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Evaluation

People would always say to my father, "Gee whiz, you've done real well. Now you can rest."  And he would reply, "Oh, no. Got to keep going and do it better." J.Willard Marriott, Jr


The evaluation issue assesses how the element is rated by the organization, that is, how suitable it is, whether it is still appropriate or getting out-of-date and how it compares with the equivalent element in peer organizations or competitors. Some appraisals will be against norms or standards - self imposed or industry accepted. Others, such as management style or social behaviour, will be by ‘gut feel’ but even these are capable of being quantitatively assessed - for example, social behaviour by the number of cases of bullying or harassment.

Evaluation applies to all organizations: 
Non-commercial organizations are also interested in how others in the same sector are performing. A hospital will compare its survival rate for heart operations with other hospitals, and a university will want to know how the success rate, with regard to the employment of its graduates, compares with other universities. An organization should be interested in comparing virtually all the elements of the model with how other organizations make use of and exploit them - whether vision statements, reputation, skills of staff, services it delivers or benefits and perks it offers staff.

Benchmarking: 
When comparing or 'benchmarking' against other organizations, those chosen should be the sector leaders - comparisons against the average or mediocre are of little worth. Comparisons can be carried out in a variety of ways: against different departments of the same organization - comparing administrative overheads in production against those in sales; against peer organizations - the ratio of money spent to money collected for charities; against organizations in different industries - the number of days to pay suppliers by local government compared with the retail trade.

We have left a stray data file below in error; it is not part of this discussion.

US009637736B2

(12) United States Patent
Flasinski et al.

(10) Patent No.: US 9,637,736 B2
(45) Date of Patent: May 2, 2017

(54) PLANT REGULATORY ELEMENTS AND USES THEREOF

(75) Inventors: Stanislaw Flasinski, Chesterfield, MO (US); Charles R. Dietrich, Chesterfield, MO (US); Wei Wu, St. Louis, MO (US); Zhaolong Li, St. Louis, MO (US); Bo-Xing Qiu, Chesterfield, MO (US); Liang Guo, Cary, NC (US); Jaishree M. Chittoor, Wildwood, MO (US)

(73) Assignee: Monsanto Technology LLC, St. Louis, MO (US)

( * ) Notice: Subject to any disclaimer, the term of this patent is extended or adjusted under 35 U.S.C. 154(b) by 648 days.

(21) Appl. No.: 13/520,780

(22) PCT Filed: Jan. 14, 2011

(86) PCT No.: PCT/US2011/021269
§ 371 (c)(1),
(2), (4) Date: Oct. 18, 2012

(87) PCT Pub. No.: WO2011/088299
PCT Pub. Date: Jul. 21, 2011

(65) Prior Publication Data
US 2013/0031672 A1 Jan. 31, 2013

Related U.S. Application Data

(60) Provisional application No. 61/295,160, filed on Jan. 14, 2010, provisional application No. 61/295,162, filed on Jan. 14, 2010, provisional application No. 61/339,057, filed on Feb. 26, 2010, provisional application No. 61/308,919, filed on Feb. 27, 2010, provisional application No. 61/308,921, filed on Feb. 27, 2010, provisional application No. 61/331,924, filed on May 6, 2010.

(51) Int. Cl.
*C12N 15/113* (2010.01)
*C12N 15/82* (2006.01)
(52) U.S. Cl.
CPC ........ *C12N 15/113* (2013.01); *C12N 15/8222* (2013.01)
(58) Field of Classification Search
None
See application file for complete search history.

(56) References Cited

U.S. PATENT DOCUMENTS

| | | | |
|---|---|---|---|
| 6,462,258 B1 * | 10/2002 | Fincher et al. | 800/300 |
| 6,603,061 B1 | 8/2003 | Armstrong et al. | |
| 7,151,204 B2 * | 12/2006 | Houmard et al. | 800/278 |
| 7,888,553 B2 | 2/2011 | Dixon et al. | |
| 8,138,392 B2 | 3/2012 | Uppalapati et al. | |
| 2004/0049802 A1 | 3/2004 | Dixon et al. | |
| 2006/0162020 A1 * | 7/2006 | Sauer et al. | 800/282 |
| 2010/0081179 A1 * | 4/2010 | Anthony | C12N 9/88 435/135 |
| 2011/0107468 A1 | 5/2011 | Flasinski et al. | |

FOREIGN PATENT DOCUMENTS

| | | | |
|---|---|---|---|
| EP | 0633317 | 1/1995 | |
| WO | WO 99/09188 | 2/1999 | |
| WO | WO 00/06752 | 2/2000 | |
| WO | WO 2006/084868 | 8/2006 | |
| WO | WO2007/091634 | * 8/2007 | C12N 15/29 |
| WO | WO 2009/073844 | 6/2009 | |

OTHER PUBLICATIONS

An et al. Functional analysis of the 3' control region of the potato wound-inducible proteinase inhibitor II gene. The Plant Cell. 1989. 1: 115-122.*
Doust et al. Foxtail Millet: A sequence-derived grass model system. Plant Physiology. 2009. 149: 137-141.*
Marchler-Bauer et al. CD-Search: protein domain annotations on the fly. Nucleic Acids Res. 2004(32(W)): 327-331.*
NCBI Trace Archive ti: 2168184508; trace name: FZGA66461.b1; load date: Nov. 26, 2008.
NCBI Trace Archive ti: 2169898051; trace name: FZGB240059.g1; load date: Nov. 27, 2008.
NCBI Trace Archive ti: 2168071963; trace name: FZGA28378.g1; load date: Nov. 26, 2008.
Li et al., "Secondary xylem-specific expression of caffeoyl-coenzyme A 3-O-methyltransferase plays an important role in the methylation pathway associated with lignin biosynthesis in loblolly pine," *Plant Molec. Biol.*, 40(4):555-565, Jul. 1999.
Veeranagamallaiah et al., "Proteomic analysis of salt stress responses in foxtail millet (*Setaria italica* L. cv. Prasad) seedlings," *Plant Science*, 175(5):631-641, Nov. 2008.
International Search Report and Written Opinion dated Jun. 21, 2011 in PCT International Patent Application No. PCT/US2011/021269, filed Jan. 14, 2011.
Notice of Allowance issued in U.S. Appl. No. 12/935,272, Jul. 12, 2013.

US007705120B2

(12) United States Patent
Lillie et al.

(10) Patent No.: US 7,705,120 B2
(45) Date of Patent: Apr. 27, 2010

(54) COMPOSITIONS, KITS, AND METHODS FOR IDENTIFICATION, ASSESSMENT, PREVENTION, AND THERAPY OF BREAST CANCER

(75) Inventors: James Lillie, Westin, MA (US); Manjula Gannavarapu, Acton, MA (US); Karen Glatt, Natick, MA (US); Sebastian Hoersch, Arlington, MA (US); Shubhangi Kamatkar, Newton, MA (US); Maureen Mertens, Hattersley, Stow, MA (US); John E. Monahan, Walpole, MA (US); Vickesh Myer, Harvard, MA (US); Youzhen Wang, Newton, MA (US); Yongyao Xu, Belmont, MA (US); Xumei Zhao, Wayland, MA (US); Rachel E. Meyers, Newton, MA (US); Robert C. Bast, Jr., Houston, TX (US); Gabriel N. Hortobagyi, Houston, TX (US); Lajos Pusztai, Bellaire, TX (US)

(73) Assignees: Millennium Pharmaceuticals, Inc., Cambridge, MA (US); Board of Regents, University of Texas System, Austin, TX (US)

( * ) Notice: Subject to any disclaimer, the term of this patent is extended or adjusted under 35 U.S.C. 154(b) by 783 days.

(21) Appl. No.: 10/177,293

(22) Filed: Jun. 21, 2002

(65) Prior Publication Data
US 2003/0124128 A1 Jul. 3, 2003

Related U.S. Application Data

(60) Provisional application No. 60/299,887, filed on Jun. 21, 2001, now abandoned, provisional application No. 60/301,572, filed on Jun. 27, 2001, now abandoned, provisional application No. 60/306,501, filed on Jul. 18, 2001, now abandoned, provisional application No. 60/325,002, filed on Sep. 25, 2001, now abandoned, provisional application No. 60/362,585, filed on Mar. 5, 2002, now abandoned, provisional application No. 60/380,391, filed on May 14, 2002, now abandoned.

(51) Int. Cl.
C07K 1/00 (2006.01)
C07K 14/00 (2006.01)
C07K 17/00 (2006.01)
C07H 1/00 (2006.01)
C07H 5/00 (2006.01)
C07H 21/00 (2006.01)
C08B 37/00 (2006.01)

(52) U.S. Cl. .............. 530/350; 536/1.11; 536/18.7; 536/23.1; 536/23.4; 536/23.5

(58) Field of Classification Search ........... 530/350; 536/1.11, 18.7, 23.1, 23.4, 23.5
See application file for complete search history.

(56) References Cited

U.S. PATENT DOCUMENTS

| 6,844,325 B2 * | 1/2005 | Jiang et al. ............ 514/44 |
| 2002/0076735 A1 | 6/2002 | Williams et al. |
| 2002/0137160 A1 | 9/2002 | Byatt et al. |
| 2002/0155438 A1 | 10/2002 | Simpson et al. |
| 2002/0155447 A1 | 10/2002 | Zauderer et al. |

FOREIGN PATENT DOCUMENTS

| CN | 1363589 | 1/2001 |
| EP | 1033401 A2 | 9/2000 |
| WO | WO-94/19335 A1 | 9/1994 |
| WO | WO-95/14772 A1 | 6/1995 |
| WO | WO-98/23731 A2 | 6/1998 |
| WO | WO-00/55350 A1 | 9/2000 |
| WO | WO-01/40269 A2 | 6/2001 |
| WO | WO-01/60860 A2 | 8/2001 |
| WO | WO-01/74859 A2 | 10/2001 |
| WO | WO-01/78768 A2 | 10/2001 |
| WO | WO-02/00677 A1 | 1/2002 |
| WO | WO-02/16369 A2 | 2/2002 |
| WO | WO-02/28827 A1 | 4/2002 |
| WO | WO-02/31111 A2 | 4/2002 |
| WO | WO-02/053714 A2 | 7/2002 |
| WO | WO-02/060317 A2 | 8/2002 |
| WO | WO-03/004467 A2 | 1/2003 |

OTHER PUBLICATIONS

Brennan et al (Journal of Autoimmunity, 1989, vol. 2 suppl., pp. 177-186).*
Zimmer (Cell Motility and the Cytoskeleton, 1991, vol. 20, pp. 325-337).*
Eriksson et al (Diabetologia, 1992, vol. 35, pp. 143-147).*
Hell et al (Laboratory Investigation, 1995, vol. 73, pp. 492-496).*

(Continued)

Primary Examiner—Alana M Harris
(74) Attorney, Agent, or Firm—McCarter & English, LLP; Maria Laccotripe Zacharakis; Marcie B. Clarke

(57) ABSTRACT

E
valuating what? The easiest to appraise are sheer numbers but they may not be the most appropriate parameters. For example, it is not just the number of days training which is important, it is also the relevance and standard of training and this is much more difficult to measure. Similarly, sheer examination results may not give a true indication of the standard of education of a college and perhaps a better measure could be the career situation of people ten years after graduation. 
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